Consumer Optimism Jumps as Gas Prices Drop

September survey shows 8-point leap after August low

Gas Prices (CSP Daily News / Convenience Stores / Gas Stations)

ALEXANDRIA, Va. -- From pessimistic to optimistic, consumers' feelings about the economy are as volatile as the price of a barrel of crude. That's the takeaway from the latest NACS Consumer Fuels Survey, which shows 47% of participants optimistic about the direction of the economy, the highest level in 14 months. It is also eight points higher than in August, where the survey recorded a 10-month low in optimism.

The most optimistic consumers? Those between the ages of 18 and 34 (56%) and living in the Western United States (51%), according to the National Association of Convenience Stores.

That eight-point jump in optimism between August and September was the largest NACS has recorded since it began conducting the monthly survey in Jan. 2013 to track how gas prices impact consumer sentiment.

The great majority of consumers polled in September said that gas prices have "some" or "great" impact on their feelings about the economy, as average gas prices nationwide have fallen 20 cents per gallon (CPG) within the last two months. Jeff Lenard, NACS vice president of strategic industry initiatives, noted that this change in optimism is playing out against chaotic world events.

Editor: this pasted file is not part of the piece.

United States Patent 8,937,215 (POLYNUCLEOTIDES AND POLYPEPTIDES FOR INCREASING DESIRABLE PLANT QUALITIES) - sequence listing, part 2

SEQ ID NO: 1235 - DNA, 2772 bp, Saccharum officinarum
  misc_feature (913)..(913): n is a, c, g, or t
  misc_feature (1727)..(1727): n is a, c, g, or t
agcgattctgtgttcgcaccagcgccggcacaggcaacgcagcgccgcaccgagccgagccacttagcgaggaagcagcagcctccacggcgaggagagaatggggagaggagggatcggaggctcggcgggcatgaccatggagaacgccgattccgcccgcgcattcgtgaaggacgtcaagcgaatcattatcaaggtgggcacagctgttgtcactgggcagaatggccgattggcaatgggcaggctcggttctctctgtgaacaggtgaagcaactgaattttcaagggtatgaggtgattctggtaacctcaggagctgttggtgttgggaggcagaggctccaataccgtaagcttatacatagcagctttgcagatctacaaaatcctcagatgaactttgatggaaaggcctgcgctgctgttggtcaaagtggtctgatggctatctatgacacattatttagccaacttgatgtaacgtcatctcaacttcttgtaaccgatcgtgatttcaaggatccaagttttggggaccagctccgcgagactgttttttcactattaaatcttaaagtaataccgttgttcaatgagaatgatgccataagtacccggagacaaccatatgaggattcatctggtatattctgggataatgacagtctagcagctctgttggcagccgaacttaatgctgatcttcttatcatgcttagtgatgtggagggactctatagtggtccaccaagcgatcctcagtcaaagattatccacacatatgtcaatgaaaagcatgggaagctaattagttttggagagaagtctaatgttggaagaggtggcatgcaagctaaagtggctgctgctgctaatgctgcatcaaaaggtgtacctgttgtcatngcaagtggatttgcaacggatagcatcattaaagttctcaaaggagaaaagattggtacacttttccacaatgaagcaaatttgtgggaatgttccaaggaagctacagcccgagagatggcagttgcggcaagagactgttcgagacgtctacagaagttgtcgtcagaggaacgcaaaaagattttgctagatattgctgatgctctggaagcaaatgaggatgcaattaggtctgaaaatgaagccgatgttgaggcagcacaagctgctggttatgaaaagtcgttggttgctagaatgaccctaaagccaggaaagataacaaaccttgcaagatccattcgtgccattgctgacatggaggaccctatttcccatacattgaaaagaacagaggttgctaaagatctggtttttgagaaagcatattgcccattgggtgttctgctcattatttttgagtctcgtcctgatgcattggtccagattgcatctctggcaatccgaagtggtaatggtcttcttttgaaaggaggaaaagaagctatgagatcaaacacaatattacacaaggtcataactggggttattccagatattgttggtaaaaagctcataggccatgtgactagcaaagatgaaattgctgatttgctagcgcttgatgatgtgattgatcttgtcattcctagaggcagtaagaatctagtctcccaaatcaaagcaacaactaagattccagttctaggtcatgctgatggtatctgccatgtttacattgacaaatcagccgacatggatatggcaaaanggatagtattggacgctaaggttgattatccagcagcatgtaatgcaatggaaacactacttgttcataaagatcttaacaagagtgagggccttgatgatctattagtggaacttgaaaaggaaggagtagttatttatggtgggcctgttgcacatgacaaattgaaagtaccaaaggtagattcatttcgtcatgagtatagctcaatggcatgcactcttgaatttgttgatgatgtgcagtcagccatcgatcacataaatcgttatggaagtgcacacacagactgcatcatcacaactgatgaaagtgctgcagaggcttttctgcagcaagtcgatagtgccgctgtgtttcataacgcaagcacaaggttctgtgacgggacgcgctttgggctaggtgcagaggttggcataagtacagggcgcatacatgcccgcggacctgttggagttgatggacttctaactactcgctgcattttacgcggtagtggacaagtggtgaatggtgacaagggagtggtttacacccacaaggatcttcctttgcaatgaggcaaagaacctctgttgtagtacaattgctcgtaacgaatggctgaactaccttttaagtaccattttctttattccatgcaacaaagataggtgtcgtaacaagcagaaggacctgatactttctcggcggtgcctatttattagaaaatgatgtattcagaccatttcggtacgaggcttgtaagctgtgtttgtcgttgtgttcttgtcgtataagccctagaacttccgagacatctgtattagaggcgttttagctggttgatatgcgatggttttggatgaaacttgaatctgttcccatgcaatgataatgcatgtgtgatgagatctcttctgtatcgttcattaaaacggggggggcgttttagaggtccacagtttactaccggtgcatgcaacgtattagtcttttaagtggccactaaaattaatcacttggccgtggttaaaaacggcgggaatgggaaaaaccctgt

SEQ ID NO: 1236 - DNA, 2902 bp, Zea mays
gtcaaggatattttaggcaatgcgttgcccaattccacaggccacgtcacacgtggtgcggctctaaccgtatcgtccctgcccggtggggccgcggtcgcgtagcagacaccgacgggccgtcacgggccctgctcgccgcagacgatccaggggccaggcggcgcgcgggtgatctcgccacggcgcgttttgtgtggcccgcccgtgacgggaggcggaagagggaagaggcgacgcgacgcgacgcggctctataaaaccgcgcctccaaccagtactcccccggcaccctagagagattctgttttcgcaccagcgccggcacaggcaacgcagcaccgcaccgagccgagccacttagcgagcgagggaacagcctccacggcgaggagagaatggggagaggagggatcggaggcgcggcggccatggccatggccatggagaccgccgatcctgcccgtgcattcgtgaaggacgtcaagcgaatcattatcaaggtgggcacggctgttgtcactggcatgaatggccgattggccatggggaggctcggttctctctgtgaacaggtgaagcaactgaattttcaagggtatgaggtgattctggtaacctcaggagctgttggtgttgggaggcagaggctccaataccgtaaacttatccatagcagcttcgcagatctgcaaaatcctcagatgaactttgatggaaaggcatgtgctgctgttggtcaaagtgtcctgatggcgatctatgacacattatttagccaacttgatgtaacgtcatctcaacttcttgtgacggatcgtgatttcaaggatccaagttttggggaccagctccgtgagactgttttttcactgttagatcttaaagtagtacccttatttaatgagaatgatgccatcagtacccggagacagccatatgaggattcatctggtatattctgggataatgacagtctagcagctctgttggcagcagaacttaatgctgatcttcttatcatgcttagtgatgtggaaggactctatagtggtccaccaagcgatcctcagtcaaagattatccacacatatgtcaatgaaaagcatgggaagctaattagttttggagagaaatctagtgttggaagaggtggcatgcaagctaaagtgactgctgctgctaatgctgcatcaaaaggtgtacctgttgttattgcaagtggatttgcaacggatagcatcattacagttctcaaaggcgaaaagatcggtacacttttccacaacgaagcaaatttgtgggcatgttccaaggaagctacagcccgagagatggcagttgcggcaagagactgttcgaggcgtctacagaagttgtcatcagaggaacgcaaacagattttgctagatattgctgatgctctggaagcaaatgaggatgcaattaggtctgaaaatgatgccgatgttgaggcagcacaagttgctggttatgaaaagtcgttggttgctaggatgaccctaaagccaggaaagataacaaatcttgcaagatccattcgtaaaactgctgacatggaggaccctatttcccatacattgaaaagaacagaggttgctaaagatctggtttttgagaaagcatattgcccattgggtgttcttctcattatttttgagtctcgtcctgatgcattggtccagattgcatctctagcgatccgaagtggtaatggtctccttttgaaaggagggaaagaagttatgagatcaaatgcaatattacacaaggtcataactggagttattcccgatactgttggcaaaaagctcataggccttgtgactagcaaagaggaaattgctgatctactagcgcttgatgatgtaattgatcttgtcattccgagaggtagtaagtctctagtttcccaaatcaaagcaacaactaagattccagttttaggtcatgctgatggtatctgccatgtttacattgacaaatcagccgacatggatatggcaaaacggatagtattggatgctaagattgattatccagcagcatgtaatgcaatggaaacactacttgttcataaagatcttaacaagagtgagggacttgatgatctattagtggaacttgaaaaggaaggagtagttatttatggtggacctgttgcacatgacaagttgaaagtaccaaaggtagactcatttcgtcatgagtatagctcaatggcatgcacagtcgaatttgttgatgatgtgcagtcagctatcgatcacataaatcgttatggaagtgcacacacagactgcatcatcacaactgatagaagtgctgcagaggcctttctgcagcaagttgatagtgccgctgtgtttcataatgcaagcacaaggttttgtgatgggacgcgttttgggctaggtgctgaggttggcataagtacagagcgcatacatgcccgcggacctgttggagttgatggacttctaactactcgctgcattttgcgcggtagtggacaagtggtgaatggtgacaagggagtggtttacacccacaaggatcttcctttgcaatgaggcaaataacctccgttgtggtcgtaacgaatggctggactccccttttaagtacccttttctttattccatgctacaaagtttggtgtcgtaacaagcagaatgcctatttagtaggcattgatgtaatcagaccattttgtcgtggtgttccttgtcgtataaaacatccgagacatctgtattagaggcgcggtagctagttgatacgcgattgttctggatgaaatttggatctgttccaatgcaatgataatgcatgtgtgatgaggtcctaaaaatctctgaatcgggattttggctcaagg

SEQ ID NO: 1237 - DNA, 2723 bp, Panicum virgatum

"We have seen increasingly wide swings in economic mood over the past three months as consumers continue to sort out how world and national events could affect their economic security," said Lenard. "At the same time, it appears that what happens at the corner store with gas prices continues to play a major role with consumer sentiment."

While consumers may be more optimistic, they aren't necessarily more likely to open up their pocket books. In a new question for the survey, NACS asked consumers if they would be able to spend more or less over the coming month. According to the September survey, although 22% of consumers said they would spend more, an equal share said they would spend less. The younger consumers seem more in a spending mood, with 38% of those between 18 and 34 years old expecting to spend more, vs. only 12% of those 50 years and older.

Meanwhile, consumers seem roughly split about which direction gas prices may move in the next 30 days; 45% anticipate "much" or "somewhat higher" prices, while 44% think prices will stay about the same. Only 11% expect them to fall.

Consumers also appear to believe that they are getting more bang for their buck, with the miles per dollar—which attempts to measure perceive value—up by 16 CPG to reach 6.8 miles per dollar, the highest level since March 2014.

The September NACS Consumer Fuel Survey was conducted by Penn, Schoen and Berland among 1,110 gas consumers on Sept. 3 and 4, 2014.

Click here to view the September report.